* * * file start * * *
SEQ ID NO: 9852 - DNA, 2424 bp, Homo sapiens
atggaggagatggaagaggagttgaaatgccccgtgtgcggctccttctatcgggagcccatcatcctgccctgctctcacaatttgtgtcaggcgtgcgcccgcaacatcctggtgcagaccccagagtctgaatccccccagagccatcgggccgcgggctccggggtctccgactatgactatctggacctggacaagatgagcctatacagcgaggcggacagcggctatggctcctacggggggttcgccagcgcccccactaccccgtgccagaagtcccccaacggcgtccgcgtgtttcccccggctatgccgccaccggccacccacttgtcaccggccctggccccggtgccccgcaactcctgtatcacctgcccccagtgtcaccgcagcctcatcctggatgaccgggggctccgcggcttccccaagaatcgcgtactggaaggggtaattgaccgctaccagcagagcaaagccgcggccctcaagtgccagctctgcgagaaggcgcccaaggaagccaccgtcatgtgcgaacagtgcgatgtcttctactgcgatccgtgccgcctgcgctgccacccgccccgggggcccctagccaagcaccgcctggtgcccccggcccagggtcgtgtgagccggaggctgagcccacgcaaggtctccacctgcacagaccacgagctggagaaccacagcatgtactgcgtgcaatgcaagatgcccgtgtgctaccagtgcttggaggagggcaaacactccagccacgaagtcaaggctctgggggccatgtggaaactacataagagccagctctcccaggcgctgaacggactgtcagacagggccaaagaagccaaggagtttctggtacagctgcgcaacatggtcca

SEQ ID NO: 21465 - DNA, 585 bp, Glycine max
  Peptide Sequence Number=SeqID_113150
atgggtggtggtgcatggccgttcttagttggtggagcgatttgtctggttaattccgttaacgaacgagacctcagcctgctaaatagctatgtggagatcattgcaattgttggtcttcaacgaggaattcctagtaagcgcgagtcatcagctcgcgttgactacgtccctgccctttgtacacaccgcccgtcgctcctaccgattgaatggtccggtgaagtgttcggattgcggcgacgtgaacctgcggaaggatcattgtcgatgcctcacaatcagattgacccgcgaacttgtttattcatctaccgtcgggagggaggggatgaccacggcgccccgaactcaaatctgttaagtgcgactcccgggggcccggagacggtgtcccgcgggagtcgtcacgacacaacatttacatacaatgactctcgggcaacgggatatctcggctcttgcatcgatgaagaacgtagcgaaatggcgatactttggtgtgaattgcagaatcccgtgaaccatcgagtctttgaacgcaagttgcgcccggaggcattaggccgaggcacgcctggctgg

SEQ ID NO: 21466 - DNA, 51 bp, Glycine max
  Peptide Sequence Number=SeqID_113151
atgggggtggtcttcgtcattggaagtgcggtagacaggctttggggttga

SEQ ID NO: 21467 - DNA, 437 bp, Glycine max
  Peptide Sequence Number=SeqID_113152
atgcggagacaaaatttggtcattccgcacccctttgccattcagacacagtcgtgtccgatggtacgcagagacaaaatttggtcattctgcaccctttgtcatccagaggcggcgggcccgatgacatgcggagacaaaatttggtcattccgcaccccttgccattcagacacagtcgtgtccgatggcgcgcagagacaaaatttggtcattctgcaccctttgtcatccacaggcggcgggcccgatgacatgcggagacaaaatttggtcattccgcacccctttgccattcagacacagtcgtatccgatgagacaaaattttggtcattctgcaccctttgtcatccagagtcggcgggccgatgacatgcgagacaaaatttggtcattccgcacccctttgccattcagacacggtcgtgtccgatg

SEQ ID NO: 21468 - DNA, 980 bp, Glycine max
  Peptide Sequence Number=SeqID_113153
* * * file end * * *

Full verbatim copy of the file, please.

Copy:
SEQ ID NO: 9852 - DNA, 2424 bp, Homo sapiens
atggaggagatggaagaggagttgaaatgccccgtgtgcggctccttctatcgggagcccatcatcctgccctgctctcacaatttgtgtcaggcgtgcgcccgcaacatcctggtgcagaccccagagtctgaatccccccagagccatcgggccgcgggctccggggtctccgactatgactatctggacctggacaagatgagcctatacagcgaggcggacagcggctatggctcctacggggggttcgccagcgcccccactaccccgtgccagaagtcccccaacggcgtccgcgtgtttcccccggctatgccgccaccggccacccacttgtcaccggccctggccccggtgccccgcaactcctgtatcacctgcccccagtgtcaccgcagcctcatcctggatgaccgggggctccgcggcttccccaagaatcgcgtactggaaggggtaattgaccgctaccagcagagcaaagccgcggccctcaagtgccagctctgcgagaaggcgcccaaggaagccaccgtcatgtgcgaacagtgcgatgtcttctactgcgatccgtgccgcctgcgctgccacccgccccgggggcccctagccaagcaccgcctggtgcccccggcccagggtcgtgtgagccggaggctgagcccacgcaaggtctccacctgcacagaccacgagctggagaaccacagcatgtactgcgtgcaatgcaagatgcccgtgtgctaccagtgcttggaggagggcaaacactccagccacgaagtcaaggctctgggggccatgtggaaactacataagagccagctctcccaggcgctgaacggactgtcagacagggccaaagaagccaaggagtttctggtacagctgcgcaacatggtcca

SEQ ID NO: 21465 - DNA, 585 bp, Glycine max
  Peptide Sequence Number=SeqID_113150
atgggtggtggtgcatggccgttcttagttggtggagcgatttgtctggttaattccgttaacgaacgagacctcagcctgctaaatagctatgtggagatcattgcaattgttggtcttcaacgaggaattcctagtaagcgcgagtcatcagctcgcgttgactacgtccctgccctttgtacacaccgcccgtcgctcctaccgattgaatggtccggtgaagtgttcggattgcggcgacgtgaacctgcggaaggatcattgtcgatgcctcacaatcagattgacccgcgaacttgtttattcatctaccgtcgggagggaggggatgaccacggcgccccgaactcaaatctgttaagtgcgactcccgggggcccggagacggtgtcccgcgggagtcgtcacgacacaacatttacatacaatgactctcgggcaacgggatatctcggctcttgcatcgatgaagaacgtagcgaaatggcgatactttggtgtgaattgcagaatcccgtgaaccatcgagtctttgaacgcaagttgcgcccggaggcattaggccgaggcacgcctggctgg

SEQ ID NO: 21466 - DNA, 51 bp, Glycine max
  Peptide Sequence Number=SeqID_113151
atgggggtggtcttcgtcattggaagtgcggtagacaggctttggggttga

SEQ ID NO: 21467 - DNA, 437 bp, Glycine max
  Peptide Sequence Number=SeqID_113152
atgcggagacaaaatttggtcattccgcacccctttgccattcagacacagtcgtgtccgatggtacgcagagacaaaatttggtcattctgcaccctttgtcatccagaggcggcgggcccgatgacatgcggagacaaaatttggtcattccgcaccccttgccattcagacacagtcgtgtccgatggcgcgcagagacaaaatttggtcattctgcaccctttgtcatccacaggcggcgggcccgatgacatgcggagacaaaatttggtcattccgcacccctttgccattcagacacagtcgtatccgatgagacaaaattttggtcattctgcaccctttgtcatccagagtcggcgggccgatgacatgcgagacaaaatttggtcattccgcacccctttgccattcagacacggtcgtgtccgatg

SEQ ID NO: 21468 - DNA, 980 bp, Glycine max
  Peptide Sequence Number=SeqID_113153